Summer was over; dusk sifted in, like her life. Like her eyes losing its vision.
Kara was 18, not yet a woman, no longer a child.So much to look forward to, yet she could see so little beyond the light in the window . Gold and mauve. Sunsets were beautiful, gentle, like silk. She pulled her hair back in a firm knot ; “ Beautiful,” he used to say but was gone by Diwali. Love is a visual thing for men, he said, his voice dry and snapping at her soul.
Afterwards Kara snipped her hair short, threw away the letters the cards and roses roses everywhere, silly woman (herself) to have believed he would last. ” Hmmm, a thing or two you do not know about men honey,” he had whispered in her long lovely hair – it fell down her shoulders and in his face. He left when he heard her vision was slowly leaving. Tunnel vision the Doctor had said. Kara had imagined he would hold her closer than ever before, no she had hoped. Even prayed, but he had gone as fast as he could. ” You need time honey, you are so young. Look at you, still so lovely…”
That was three months ago.The evening now was warm, still. She needed a shower : mom and the others would be home soon. It was her birthday, no phone call from ‘him’, not even short mail service ha ha ! There were gifts everywhere, clothes,iPhone,shoes,a jewelry set and even a sari with a Sunsilk Gift Hamper from Gran. (It promised hair like straightened silk). Oh she needed to even out her curls, ‘he’ had loved curls, NO WAY she needed her curls just now, maybe later but not now. Dear sweet heavens, I have a broken heart and need some straightening myself, “Sunsilk do this for me…wash away the old, ring in the new, can’t you can’t you ?”
Little whorls of laughter filtered in with the last of the light as Kara slipped on a blue silk shirt and jeans. Something felt good, what was it? The door bell rang and everyone arrived with cake, heart balloons) oh please!), singing candles and a visitor named Doctor Tushar, Ophthalmologist, tall,dark,handsome,friendly banter. Kara smiled generally at everyone but felt his eyes on her face. Oh no, he’s about to diagnose my condition and say things about positivity and prospects.
” Hello,” he said. She was easy, not like others with visual impairment. There was little awkwardness as they had coffee and samosas in the veranda.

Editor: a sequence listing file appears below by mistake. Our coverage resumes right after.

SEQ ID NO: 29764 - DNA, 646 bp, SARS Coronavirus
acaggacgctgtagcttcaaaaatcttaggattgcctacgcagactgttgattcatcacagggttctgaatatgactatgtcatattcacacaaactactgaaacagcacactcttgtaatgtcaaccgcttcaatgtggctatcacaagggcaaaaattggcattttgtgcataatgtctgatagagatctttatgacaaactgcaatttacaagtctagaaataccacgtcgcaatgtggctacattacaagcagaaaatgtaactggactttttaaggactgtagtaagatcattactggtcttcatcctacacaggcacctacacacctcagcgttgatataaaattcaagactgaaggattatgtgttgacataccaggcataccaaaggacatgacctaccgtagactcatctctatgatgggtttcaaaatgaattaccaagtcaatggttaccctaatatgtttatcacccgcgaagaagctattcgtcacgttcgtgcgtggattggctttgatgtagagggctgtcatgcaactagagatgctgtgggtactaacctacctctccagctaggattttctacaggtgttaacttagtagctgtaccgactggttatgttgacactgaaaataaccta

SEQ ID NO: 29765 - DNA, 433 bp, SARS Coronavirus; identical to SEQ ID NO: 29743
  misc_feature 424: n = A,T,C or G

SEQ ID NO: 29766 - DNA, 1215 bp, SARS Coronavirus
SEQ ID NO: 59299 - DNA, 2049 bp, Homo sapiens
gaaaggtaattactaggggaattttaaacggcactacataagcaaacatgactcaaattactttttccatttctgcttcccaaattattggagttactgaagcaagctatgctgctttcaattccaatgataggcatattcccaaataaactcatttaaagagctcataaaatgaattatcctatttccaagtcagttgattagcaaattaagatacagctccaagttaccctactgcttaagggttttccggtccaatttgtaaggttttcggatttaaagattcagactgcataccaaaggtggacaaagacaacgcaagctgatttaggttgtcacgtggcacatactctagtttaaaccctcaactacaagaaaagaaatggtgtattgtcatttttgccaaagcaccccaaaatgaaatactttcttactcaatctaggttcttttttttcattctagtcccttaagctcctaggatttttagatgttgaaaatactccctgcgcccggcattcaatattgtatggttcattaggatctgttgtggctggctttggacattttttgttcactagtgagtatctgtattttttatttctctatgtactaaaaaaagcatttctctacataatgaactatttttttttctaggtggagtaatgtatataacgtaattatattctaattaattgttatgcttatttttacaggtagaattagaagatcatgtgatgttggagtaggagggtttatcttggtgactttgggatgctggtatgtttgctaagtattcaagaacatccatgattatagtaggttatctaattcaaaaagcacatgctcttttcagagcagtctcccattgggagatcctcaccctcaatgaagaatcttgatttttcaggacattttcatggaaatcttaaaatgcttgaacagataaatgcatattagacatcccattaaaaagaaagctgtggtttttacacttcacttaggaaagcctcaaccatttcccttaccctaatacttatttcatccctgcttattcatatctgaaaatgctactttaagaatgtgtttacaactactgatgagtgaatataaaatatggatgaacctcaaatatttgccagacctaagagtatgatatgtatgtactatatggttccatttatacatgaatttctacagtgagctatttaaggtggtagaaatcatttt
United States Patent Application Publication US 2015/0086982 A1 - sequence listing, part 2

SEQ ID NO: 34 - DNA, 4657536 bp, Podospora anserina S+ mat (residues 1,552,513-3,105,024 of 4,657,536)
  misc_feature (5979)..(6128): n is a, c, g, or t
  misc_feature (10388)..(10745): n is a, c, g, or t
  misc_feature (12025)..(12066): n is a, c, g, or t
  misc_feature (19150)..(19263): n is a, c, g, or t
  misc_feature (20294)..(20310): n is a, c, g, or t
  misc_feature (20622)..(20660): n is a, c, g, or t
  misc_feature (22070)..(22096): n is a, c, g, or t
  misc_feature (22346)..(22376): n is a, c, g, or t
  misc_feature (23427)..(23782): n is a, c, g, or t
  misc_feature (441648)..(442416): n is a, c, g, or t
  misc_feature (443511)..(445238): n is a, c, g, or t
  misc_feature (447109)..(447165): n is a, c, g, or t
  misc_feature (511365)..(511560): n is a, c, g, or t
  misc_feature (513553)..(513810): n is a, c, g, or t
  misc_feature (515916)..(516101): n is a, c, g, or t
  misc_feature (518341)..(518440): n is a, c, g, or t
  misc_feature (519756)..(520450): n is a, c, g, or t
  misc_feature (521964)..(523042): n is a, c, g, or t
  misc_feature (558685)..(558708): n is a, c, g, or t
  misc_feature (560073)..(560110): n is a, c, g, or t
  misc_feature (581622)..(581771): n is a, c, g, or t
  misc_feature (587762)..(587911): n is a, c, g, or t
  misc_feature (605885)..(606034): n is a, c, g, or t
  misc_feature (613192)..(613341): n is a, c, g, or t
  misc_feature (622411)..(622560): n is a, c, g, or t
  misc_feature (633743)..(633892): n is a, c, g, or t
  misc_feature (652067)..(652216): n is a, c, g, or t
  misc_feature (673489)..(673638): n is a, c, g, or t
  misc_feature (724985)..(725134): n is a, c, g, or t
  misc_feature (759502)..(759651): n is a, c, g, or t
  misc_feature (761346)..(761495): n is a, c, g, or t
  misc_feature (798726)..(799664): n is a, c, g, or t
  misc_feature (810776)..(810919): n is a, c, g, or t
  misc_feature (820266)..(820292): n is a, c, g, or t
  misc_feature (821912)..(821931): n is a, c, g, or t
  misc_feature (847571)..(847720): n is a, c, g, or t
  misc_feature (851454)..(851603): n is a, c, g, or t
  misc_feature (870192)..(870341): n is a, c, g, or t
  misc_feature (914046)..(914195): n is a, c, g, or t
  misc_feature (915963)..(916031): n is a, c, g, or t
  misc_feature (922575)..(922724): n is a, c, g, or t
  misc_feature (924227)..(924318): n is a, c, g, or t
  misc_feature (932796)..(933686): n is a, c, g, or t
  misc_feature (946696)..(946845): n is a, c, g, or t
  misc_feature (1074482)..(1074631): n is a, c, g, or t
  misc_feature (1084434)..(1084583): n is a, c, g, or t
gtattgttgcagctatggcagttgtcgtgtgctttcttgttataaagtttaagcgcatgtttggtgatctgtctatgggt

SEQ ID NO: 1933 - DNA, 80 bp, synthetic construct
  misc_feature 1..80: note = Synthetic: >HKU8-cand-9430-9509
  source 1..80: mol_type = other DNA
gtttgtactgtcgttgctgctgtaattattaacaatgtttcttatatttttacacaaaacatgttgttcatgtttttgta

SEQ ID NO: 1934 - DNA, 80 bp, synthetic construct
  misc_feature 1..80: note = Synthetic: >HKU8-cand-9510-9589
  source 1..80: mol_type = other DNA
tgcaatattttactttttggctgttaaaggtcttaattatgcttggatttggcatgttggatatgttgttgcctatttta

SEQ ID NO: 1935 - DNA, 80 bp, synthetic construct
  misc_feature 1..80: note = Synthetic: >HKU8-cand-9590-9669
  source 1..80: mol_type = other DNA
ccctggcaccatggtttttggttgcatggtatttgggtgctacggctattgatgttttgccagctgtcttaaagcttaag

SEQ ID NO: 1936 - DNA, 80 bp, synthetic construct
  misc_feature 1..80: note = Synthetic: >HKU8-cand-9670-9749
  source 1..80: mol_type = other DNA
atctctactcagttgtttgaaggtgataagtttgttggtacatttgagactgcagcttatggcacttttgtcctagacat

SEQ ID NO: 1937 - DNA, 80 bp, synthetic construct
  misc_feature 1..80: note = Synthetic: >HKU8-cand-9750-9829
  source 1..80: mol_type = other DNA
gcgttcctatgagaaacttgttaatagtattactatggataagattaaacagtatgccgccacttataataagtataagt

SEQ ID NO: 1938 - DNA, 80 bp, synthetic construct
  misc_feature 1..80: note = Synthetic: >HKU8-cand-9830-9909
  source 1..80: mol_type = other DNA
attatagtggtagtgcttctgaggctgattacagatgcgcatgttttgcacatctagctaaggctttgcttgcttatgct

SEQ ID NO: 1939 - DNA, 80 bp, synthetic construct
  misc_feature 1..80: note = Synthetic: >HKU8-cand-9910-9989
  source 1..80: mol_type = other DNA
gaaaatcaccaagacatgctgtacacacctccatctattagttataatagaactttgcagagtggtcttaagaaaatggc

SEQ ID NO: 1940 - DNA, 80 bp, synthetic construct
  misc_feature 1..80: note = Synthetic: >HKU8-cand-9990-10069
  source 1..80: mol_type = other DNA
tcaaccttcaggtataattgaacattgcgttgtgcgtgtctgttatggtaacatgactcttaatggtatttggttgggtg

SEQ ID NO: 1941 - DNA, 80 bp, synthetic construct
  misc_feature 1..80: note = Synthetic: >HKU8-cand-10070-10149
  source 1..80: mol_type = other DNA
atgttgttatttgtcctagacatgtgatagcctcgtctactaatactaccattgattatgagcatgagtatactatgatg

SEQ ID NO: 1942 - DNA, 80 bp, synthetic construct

“Kara,how do you cope? I hear you are an artist?”
” I use what I’ve got.For now.”
You’ve got so much, he wished to say, but held the words for later. There was a thing about this young lady, he could not say it out loud, he could not ignore it. The way the Light fell off her hair and eyes. Like straight silk from the sun. He stammered and looked away, wishing for some of her poise.” You’ve got fantastic hair,” he finally managed.
She grinned, ” Ah’m ! I use Silk. Sunsilk.”
“That sounds like a Bond girl,” he smiled back; his smile was lopsided and revealed a scar down the left chin. She saw that, peered close and pulled back embarrassed.
” I got that at school, falling off a mango tree. As idiotic as that.” He looked away, wondering if he would ever be good enough for her. They talked for hours, she told him about the guy who had run from her and her visual challenge.
” I guess I wasn’t aesthetically perfect for him: love is a visual thing for men..” he had said. Is It ?”
” Ask me about Vision, Brilliance. ” He said his words carefully,” Ask me about Life.”
She stared at his words: he was different, and younger than she had thought.
Ma and Gran missed nothing, Nothing. A lizard clucked in the ceiling and Gran sniffed. When a lizard clucked it meant what she thought was true! Kara and Tushar painted the town red that week and decided on a long engagement.
” How do you do it?” He asked her one evening her eyes like stars, gazing up at his as close as they could decently get to each other in the moonlight, under Gran’s window.
“How do I do what?” Sometimes he confused her; maybe eye docs were obsessed with Light or something.
” Shine. You always shine. From the roots of your hair to the soul of you Kara, shining out your eyes..”
“Challenges come with gifts I guess, ” she laughed, thinking about Gran’s hamper and two little purple saints * that began to straighten out her mess. Yep, that day the Light came in differently, it was gold and mauve….